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'Nothing new from Zuma'

08 January 2013 - 02:00 By Rochelle de Kock
PROBLEM SOLVED: A reader suggests Jacob Zuma be renamed after a member of TV's 'A Team'
PROBLEM SOLVED: A reader suggests Jacob Zuma be renamed after a member of TV's 'A Team'

ANC president Jacob Zuma's address to mark the party's 101st anniversary at the weekend is expected to be a regurgitation of his speeches over the past year with no ground-breaking announcements, political analysts say.

The ANC's 100th birthday, the party's achievements, social inequalities, education and factionalism within the party will feature prominently. He is likely to talk about the national development plan, developed during his first term as president of the country.

Zuma will this weekend address thousands of ANC delegates at Kings Park Stadium in Durban.

On Sunday he spoke at the stadium to mark the closing of the centenary celebrations and has given several lectures in the past year. He spoke after his re-election in Mangaung last month.

Political analyst Professor Shadrack Gutto, from the University of South Africa, said: "There have been too many meetings, conferences and lectures since the ANC started celebrating its centenary so I don't think the president will say anything groundbreaking.

"We will hear more of the same rhetoric on unemployment, inequalities and the racialised nature of it. But I don't think there will be anything new."

Gutto said social inequality was nothing new, but South Africa was a capitalist country and was "growing at an alarming rate".

"President Zuma is likely to repeat the same things about the economic plan, which has been accepted by the party, and he may touch on issues of law and crime.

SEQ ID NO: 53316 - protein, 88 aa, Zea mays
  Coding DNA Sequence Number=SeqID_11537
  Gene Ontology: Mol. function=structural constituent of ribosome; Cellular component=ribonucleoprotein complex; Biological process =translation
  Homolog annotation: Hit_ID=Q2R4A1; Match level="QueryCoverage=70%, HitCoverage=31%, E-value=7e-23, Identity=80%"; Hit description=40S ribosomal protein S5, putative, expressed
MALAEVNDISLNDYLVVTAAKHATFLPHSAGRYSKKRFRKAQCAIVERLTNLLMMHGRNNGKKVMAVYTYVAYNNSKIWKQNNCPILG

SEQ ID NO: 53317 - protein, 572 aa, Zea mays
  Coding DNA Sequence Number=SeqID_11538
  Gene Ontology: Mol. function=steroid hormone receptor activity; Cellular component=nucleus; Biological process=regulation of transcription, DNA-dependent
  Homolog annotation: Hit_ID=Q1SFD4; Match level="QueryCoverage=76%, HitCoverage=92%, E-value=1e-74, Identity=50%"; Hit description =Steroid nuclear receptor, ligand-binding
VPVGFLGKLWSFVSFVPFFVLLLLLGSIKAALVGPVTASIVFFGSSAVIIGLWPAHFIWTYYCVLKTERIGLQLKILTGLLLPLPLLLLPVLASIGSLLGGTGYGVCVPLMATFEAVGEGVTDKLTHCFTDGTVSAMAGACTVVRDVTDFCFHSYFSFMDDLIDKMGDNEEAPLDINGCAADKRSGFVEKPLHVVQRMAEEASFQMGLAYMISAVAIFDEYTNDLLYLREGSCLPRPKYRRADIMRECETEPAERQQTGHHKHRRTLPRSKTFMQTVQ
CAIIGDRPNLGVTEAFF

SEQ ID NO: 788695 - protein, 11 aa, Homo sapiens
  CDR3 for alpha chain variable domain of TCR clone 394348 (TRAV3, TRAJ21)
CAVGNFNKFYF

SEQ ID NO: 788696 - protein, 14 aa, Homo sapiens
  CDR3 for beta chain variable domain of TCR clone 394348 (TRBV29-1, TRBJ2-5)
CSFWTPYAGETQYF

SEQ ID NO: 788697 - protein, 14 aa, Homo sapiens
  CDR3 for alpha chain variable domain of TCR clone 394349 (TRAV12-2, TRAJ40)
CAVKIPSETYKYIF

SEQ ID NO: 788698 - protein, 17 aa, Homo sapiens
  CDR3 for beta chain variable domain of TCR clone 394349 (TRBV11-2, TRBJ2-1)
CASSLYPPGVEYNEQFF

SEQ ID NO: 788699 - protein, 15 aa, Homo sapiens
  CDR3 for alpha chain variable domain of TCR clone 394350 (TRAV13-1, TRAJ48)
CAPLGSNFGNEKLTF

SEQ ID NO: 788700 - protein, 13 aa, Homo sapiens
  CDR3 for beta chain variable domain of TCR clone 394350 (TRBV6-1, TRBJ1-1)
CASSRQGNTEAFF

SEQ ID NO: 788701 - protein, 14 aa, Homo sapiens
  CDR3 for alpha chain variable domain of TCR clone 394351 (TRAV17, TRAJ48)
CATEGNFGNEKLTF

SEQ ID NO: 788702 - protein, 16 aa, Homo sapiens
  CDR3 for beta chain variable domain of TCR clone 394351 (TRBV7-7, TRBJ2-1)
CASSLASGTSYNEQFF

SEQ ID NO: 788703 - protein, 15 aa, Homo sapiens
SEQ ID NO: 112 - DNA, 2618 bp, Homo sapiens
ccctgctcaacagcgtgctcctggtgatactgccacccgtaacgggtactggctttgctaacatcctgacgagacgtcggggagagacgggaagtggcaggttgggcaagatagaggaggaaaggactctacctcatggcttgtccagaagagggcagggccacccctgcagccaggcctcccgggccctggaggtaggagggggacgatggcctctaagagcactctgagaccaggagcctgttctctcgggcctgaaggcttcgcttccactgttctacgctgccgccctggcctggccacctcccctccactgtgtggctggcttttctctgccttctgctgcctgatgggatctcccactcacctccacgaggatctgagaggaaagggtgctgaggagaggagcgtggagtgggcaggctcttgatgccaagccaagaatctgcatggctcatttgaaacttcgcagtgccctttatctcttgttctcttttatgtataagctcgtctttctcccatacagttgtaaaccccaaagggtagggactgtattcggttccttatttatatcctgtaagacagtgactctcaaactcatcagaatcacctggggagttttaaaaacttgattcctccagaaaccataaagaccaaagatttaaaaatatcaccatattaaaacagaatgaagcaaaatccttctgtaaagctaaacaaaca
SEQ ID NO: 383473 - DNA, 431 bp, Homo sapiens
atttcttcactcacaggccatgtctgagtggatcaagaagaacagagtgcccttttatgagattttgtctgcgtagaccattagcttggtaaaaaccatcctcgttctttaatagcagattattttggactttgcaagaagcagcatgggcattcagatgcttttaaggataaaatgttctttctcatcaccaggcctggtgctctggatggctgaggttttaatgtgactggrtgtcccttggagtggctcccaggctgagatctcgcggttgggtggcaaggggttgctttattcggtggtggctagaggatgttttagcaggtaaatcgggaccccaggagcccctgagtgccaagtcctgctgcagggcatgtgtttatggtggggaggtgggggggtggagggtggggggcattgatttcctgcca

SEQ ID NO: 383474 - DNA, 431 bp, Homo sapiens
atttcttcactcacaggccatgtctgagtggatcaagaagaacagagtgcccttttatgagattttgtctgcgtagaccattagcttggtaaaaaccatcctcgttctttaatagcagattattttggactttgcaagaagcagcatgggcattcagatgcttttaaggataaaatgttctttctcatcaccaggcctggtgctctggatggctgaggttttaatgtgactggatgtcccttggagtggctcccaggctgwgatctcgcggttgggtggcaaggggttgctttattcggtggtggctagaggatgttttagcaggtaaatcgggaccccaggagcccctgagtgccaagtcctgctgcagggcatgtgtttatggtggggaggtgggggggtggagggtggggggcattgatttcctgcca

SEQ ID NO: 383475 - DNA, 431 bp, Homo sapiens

"He will also have to explain to the country why he sent a military contingent to the Central African Republic. He owes the public an explanation because he cannot just announce that they are going but not give reasons why," Gutto said.

"Zuma is a populist, so I don't think he will miss the opportunity to say how well the matrics have done and also boast about the party celebrating 100 years last year," he said.

Professor Susan Booysen, political analyst at the University of the Witwatersrand, did not expect any "dramatic announcements and initiatives".

"We saw at the Mangaung conference that there was a declaration of self-congratulation and the ANC wants to say that things are all right within the party.

"The ANC is trying to show that Zuma is the ultimate leader and that all the policies are working . They are trying to convey a message that they are united so I don't see any turnaround plans."

While Booysen was confident that Zuma was likely to discuss the problem of ill-disciplined cadres, she said she would be surprised if any concrete plans to deal with them would be mentioned in his speech.

"Discipline is an important tool for the ANC and it likes to regard itself as a disciplined organisation, but we have seen less action taken.

"If the president [is to] mention anything groundbreaking in his speech there has been no sign of it," she said.

Professor Somadoda Fikeni of the Walter Sisulu University said Zuma would not deliver any surprises but would probably save them for his state of the nation address next month.

"He is most likely to stay on the subjects raised at the Mangaung conference but now he will add a bit of bragging about the matric results. He will say: 'See, my plan of separating higher and basic education is working.'

"I think we will hear him talk about unity because there are many people who are anxious that the purging [of Kgalema Motlanthe supporters] will begin.

"We might also get a glimpse of what the state of the nation address will say in terms of programmes, but nothing new and surprising," Fikeni said.